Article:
Although tenant groups have said they’ll push for it again next session, lawmakers were hesitant to offer it as a solution in post-session interviews. A law passed in 2022, however, expanded the number of fair rent commissions in Connecticut, one measure advocates have said aims to keep rent prices down. The commissions hear and investigate rent increase complaints.

Dave Boido lived on the streets and in the woods in Torrington for months before going to a shelter. He lost his housing when his lease renewal came up ahead of a sale of the building he lived in.

His new lease terms would set the rent at $1,000, marking a substantial increase from the $650. He moved out and spent several months living under a bridge — sandwiching several sleeping bags between tarps — and set up an encampment in the woods for a while.

Eventually, he found a spot at FISH, where he’s glad to be out of the elements.

“There’s just nothing affordable out there,” Boido said.

Boido, 64, like many older residents, has a fixed income, which makes paying for rent increases difficult. Several shelter providers said they’re seeing more senior citizens who have become homeless in recent weeks.

“We’re seeing a rise of more senior citizens and many of them are coming with complex medical needs from behavioral health to medical health, so that takes some time to address those challenges,” said Denise Williams, chief executive officer at Inspirica, a Stamford-based provider.

More people are also coming in after facing eviction, providers said.

“We definitely have a lot of folks with evictions on their record and with landlords receiving double, triple the amount of applications for one rental unit, they’re no longer even considering someone with an eviction history,” said Sarah Pavone, director of strategy at Journey Home, a Hartford-based provider.

Evictions in Connecticut increased after pandemic-era protections expired. Tenants with eviction records often have a difficult time finding new housing.

Caitlin Rose, executive director at Friendship Service Center, said her organization had hired someone to help facilitate relationships with local landlords. That’s been one of their most successful programs aimed at getting people housed, she said.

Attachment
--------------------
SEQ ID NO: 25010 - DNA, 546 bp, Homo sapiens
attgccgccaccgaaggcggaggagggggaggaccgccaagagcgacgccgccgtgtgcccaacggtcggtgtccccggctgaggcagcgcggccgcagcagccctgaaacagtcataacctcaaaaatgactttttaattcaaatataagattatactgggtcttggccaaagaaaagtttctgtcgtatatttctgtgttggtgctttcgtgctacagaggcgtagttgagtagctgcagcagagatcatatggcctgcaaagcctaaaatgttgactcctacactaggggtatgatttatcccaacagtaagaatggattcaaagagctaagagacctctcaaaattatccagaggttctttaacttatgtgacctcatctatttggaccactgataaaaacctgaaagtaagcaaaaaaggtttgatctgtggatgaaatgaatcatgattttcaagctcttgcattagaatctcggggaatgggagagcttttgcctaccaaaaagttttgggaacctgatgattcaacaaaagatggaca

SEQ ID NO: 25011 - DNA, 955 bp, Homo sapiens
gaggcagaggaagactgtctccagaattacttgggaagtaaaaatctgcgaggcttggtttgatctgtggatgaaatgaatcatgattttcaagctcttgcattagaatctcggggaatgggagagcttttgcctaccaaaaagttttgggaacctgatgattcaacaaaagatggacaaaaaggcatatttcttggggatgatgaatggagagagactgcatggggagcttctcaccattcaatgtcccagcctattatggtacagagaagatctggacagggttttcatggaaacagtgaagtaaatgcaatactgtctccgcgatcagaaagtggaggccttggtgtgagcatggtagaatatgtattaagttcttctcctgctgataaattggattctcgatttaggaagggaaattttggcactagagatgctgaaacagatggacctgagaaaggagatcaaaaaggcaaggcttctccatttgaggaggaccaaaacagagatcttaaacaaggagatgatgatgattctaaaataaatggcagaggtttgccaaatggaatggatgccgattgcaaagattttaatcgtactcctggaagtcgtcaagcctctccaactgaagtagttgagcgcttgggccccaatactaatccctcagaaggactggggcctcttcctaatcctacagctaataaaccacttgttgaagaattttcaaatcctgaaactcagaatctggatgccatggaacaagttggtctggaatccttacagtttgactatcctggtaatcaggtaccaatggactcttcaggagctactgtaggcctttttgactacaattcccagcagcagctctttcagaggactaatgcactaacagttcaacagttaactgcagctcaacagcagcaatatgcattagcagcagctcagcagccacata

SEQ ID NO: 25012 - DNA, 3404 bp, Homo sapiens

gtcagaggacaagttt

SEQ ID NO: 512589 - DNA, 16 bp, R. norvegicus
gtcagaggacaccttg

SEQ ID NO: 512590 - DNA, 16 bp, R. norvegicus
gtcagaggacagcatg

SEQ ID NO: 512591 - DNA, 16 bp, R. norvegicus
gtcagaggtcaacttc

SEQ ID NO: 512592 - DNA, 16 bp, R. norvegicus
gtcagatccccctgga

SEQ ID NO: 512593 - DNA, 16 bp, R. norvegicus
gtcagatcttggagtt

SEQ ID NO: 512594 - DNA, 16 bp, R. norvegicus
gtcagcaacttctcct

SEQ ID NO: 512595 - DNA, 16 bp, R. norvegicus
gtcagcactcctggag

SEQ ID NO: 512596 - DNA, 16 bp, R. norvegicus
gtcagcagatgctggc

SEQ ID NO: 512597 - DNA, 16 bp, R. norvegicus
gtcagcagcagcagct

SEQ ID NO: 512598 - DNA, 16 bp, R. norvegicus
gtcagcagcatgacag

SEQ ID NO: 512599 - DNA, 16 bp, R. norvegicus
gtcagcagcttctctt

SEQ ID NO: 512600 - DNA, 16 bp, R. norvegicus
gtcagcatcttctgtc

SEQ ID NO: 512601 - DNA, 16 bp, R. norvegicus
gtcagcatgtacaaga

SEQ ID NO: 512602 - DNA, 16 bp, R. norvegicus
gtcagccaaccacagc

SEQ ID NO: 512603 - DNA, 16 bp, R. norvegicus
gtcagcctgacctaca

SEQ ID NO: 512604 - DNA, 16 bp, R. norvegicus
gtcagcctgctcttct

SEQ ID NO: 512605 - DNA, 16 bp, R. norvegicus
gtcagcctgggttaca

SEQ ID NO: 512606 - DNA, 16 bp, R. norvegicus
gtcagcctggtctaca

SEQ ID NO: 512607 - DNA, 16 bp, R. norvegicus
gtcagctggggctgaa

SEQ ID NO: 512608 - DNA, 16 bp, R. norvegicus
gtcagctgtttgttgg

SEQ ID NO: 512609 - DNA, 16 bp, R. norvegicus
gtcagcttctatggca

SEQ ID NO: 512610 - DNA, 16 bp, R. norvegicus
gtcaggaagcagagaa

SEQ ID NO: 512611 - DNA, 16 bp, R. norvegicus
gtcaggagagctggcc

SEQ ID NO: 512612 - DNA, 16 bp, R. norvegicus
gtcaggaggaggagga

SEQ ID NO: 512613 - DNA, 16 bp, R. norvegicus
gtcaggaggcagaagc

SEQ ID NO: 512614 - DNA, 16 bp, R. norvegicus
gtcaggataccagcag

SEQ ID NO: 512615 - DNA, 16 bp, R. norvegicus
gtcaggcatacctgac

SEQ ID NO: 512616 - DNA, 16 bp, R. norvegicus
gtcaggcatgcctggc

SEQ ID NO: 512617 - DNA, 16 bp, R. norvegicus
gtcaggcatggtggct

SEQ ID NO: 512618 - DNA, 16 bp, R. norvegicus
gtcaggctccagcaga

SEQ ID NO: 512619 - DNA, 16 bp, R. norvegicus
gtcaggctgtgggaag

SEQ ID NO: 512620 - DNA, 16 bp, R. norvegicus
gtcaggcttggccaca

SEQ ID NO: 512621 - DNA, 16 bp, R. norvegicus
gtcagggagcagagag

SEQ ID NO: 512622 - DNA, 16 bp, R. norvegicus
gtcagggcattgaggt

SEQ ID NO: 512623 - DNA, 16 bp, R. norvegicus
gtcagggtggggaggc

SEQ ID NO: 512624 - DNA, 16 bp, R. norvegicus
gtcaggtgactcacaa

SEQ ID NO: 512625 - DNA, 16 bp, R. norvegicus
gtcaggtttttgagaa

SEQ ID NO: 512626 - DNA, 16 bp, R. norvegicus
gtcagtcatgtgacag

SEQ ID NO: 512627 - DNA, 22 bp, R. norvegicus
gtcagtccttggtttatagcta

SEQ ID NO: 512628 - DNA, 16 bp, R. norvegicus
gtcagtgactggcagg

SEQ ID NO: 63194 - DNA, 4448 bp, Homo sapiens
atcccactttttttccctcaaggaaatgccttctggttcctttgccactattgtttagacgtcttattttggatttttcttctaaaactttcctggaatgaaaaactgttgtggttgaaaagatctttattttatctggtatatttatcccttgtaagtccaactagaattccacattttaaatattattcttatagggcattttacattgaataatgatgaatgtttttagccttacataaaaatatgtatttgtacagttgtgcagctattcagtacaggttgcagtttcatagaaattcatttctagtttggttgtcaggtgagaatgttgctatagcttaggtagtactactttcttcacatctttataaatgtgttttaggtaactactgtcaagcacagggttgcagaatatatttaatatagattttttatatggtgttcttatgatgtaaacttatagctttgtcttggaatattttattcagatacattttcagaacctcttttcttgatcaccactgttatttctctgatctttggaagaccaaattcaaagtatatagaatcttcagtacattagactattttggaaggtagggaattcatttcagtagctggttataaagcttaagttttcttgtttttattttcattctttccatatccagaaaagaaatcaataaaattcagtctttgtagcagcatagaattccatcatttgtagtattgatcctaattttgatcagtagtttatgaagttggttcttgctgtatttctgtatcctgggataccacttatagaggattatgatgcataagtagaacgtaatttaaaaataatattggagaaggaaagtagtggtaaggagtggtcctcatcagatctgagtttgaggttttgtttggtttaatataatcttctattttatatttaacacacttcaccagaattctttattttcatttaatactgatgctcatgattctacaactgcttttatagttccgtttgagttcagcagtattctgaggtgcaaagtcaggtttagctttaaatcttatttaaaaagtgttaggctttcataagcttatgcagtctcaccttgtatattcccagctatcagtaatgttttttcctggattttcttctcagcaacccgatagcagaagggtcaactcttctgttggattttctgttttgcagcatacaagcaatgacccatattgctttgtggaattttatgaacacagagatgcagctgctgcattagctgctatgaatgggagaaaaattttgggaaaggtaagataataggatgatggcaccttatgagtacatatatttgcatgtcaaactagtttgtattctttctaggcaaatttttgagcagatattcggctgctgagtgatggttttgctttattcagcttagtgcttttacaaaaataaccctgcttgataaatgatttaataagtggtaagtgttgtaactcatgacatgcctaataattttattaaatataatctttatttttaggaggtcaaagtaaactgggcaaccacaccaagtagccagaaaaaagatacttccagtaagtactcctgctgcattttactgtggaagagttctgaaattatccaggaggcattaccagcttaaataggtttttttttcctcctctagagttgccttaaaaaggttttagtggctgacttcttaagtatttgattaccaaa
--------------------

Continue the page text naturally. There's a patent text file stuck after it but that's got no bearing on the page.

But because the position was funded through the federal pandemic aid, she fears they’ll lose it soon, she added.

“It’s single-handedly the most effective role that I have seen,” Rose said.

She, as well as other providers, said they’re worried about the coming cold months. With people staying in shelters longer, there are fewer beds available. Typically as it gets cold, many who have been staying outside need to come to shelters to stay warm.

During the legislative session, providers had asked for $50 million in the state budget to support the homelessness response system, including by annualizing cold weather funding, which is typically granted as emergency money when it gets cold. The request didn’t get through the committee process.

“We are very concerned about this winter season,” Pavone said. “I think there’s a real threat and potential of folks dying from the elements on the street if we are not able to set up a robust cold weather system.”

Ginny is CT Mirror's children's issues and housing reporter and a Report for America corps member. She covers a variety of topics ranging from child welfare to affordable housing and zoning. Ginny grew up in Arkansas and graduated from the University of Arkansas' Lemke School of Journalism in 2017. She began her career at the Arkansas Democrat-Gazette where she covered housing, homelessness, and juvenile justice on the investigations team. Along the way Ginny was awarded a 2019 Data Fellowship through the Annenberg Center for Health Journalism at the University of Southern California. She moved to Connecticut in 2021.